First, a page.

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Including genotypic data into quantitative microbial risk assessment: Application on Listeria monocytogenes in cold smoked salmon
EP26466
Poster Title: Including genotypic data into quantitative microbial risk assessment: Application on Listeria monocytogenes in cold smoked salmon
Submitted on 26 Sep 2017
Author(s): Lena Fritsch, Laurent Guillier, Charlotte Lebouleux, Jean-Christophe Augustin
Affiliations: Anses
This poster was presented at ICPMF10
Poster Views: 856
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Poster Information
Abstract: Introduction and Objective
Listeria monocytogenes is a bacterial pathogen that causes the foodborne disease listeriosis. The most common route of human infection is the consumption of contaminated Ready–to-Eat foods (RTE). Within those, cold-smoked salmon is of particular interest as it presents high prevalence of L. monocytogenes at retail stage. Recent developments in genome sequencing open new opportunities for explaining the intraspecific variability of phenotypes (e.g. virulence, growth behavior). Successful association between WGS-data and specific phenotypes is thought to contribute to better predicting microbial behaviors. Implementing this information in hazard identification, exposure assessment, and hazard characterization processes will refine QMRA-models. The aim of this study was to compare two QMRA approaches. In the first approach the association between genotypes and phenotypes was taken into account. These results were compared to those obtained with classical QMRA.

Materials and methods
The used QMRA-model was previously developed for assessing the number of listeriosis cases associated to cold smoked salmon in France (Pouillot et al., 2009 and 2011) and for assessing the efficiency of communications targeting to consumer (ANSES, 2015). The global prevalence in the existing model was replaced by the specific prevalences for each clonal complex (CC). These relative prevalences were derived from the recent distribution observed in cold smoked salmon in Europe (Moller-Nielsen et al, 2017). For risk characterization, the CCs were split in three categories of virulence according to a recent publication (Maury et al. 2016). The dose-response was assumed to be different between these categories. Lower, median and upper values of existing dose-response model (Pouillot et al., 2015) were associated to the three CC categories.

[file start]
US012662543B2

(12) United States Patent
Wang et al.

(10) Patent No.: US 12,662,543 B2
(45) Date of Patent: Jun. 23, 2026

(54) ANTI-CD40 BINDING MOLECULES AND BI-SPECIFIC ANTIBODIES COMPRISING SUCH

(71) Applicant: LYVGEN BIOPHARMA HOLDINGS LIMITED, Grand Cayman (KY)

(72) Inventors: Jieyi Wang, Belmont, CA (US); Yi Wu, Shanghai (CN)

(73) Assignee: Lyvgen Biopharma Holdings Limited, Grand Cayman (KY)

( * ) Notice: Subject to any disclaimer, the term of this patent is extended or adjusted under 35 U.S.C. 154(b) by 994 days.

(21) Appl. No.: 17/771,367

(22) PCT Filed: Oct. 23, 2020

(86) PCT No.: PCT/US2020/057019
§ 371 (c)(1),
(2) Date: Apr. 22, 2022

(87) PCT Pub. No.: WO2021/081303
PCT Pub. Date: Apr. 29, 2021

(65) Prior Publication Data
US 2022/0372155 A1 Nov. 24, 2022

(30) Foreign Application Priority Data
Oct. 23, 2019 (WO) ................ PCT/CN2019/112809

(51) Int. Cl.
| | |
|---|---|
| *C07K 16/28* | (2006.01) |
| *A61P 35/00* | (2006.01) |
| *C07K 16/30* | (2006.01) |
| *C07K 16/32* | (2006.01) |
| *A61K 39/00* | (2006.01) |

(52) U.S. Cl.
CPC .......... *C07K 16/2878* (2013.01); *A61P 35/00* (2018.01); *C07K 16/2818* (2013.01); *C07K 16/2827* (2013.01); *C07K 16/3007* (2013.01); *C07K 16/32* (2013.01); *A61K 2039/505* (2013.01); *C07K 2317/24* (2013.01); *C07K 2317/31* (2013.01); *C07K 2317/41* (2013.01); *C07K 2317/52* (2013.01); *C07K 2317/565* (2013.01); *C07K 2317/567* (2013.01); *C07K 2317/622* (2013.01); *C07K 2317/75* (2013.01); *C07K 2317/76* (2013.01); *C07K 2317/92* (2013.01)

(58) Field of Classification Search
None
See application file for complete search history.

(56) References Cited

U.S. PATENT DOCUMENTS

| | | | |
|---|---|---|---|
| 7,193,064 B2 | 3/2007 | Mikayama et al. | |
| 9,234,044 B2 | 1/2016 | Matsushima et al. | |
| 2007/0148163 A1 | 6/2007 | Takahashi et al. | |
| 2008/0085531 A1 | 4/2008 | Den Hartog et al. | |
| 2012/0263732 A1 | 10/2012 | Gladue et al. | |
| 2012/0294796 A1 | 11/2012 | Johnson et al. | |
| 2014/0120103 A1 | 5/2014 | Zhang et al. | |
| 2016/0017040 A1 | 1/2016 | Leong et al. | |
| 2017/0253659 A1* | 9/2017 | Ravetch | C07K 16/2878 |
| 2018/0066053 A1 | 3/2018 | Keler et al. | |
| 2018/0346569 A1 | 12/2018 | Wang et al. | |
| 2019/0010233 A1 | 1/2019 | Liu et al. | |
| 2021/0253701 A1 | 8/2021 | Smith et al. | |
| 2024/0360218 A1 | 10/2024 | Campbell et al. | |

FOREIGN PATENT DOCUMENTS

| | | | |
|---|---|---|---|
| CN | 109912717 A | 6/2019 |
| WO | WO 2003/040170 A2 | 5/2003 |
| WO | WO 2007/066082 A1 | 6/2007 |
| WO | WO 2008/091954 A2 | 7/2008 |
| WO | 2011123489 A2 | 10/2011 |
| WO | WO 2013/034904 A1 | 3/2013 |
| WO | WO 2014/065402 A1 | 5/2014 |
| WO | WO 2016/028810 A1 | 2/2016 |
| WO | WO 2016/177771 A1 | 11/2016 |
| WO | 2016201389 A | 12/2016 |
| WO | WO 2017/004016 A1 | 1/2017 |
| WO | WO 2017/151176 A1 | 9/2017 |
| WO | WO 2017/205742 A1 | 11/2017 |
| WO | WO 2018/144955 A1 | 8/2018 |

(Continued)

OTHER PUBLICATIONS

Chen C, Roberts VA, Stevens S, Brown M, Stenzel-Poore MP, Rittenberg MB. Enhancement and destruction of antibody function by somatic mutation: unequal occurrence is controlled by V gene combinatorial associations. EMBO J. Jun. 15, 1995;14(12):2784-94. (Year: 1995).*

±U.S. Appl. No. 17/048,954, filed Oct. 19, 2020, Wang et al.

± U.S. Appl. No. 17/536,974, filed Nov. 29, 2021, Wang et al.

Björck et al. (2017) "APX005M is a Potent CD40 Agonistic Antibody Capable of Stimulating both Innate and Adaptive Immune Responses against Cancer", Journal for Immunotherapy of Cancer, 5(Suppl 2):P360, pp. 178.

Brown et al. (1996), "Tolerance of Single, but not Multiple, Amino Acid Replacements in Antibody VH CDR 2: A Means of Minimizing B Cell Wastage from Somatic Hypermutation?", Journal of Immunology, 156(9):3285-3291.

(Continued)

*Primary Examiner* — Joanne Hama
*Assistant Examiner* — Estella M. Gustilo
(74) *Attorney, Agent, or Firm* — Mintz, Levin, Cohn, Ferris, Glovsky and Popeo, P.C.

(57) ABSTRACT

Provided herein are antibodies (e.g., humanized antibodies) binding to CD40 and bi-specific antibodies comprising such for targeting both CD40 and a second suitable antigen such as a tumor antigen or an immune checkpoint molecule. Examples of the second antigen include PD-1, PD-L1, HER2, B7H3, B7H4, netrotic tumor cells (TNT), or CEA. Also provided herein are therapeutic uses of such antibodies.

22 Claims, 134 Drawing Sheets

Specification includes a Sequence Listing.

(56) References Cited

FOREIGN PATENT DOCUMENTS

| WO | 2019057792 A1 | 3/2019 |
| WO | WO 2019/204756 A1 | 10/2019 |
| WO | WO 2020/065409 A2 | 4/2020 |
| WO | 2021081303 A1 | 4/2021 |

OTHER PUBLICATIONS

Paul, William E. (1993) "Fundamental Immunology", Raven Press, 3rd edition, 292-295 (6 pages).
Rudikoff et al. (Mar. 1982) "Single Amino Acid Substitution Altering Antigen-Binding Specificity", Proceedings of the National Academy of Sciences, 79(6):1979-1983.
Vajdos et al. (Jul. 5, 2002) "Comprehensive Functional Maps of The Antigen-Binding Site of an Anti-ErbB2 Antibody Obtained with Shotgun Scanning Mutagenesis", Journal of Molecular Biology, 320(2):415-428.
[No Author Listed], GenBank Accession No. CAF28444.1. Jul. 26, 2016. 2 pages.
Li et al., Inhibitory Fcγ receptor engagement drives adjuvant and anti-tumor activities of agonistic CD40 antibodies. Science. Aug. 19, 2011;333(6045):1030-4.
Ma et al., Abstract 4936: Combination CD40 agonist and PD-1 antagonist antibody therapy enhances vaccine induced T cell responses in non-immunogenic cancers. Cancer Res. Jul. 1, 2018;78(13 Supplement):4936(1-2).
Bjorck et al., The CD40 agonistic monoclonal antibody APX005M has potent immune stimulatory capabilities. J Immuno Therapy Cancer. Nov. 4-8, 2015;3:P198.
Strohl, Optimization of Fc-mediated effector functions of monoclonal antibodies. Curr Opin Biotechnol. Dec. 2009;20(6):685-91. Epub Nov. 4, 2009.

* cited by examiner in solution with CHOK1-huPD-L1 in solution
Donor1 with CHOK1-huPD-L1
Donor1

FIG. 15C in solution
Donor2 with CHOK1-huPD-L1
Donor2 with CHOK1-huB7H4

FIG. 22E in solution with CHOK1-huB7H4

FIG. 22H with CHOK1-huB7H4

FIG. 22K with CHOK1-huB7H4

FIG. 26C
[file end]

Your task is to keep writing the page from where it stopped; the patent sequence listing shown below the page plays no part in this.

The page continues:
Results
The exposure of consumers to the different CCs was estimated. The assumption for dose response permitted to calculate the relative contribution of CC to listeriosis cases. The rank of most important CCs in exposure was different from the rank of CCs that mostly contribute to listeriosis cases.

Conclusion
The CCs that contributed the most in exposure were not necessarily those that contributed the most to listeriosis cases. The assumptions of association between CCs and dose response parameter need to be reinforced. Considering genotypic data in QMRA, opens the way for the establishment of risk based measures specific to CCs.
Summary: The aim of this study was to compare two QMRA approaches. In the first approach the association between genotypes and phenotypes was taken into account. These results were compared to those obtained with classical QMRA.References: 1] Maury, M. M., Tsai, Y. H., Charlier, C., Touchon, M., Chenal-Francisque, V., Leclercq, A., & Disson, O. (2016). Uncovering Listeria monocytogenes hypervirulence by harnessing its biodiversity. Nature genetics.
[2] Pouillot, R., Miconnet, N., Afchain, A. L., Delignette‐Muller, M. L., Beaufort, A., Rosso, L., & Cornu, M. (2007). Quantitative risk assessment of Listeria monocytogenes in French cold‐smoked salmon: I. Quantitative exposure assessment. Risk analysis, 27(3), 683-7
[3] Pouillot, R., Goulet, V., Delignette‐Muller, M. L., Mahé, A., & Cornu, M. (2009). Quantitative Risk Assessment of Listeria monocytogenes in French Cold‐Smoked Salmon: II. Risk Characterization. Risk analysis, 29(6), 806-819.00.
[4] Nielsen, E. M., Björkman, J. T., Kiil, K., Grant, K., Dallman, T., Painset, A., ... & Rotariu, O. (2017). Closing gaps for performing a risk assessment on Listeria monocytogenes in ready‐to‐eat (RTE) foods: activity 3, the comparison of isolates from different compartme
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